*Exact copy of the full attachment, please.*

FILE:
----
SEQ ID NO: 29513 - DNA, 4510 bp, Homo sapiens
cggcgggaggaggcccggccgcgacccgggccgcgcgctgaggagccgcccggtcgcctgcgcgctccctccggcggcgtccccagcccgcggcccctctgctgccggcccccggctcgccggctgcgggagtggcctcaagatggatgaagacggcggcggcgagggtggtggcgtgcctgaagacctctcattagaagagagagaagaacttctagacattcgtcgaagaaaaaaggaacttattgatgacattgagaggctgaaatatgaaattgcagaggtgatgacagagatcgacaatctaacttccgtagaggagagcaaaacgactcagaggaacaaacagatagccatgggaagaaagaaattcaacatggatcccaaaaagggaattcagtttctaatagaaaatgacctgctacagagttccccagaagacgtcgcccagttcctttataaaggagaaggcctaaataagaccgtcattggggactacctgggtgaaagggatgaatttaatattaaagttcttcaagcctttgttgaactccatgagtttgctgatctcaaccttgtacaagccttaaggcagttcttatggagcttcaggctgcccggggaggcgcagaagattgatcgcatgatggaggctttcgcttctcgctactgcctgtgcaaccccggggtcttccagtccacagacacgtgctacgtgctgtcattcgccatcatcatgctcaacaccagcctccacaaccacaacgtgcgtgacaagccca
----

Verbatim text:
SEQ ID NO: 29513 - DNA, 4510 bp, Homo sapiens
cggcgggaggaggcccggccgcgacccgggccgcgcgctgaggagccgcccggtcgcctgcgcgctccctccggcggcgtccccagcccgcggcccctctgctgccggcccccggctcgccggctgcgggagtggcctcaagatggatgaagacggcggcggcgagggtggtggcgtgcctgaagacctctcattagaagagagagaagaacttctagacattcgtcgaagaaaaaaggaacttattgatgacattgagaggctgaaatatgaaattgcagaggtgatgacagagatcgacaatctaacttccgtagaggagagcaaaacgactcagaggaacaaacagatagccatgggaagaaagaaattcaacatggatcccaaaaagggaattcagtttctaatagaaaatgacctgctacagagttccccagaagacgtcgcccagttcctttataaaggagaaggcctaaataagaccgtcattggggactacctgggtgaaagggatgaatttaatattaaagttcttcaagcctttgttgaactccatgagtttgctgatctcaaccttgtacaagccttaaggcagttcttatggagcttcaggctgcccggggaggcgcagaagattgatcgcatgatggaggctttcgcttctcgctactgcctgtgcaaccccggggtcttccagtccacagacacgtgctacgtgctgtcattcgccatcatcatgctcaacaccagcctccacaaccacaacgtgcgtgacaagccca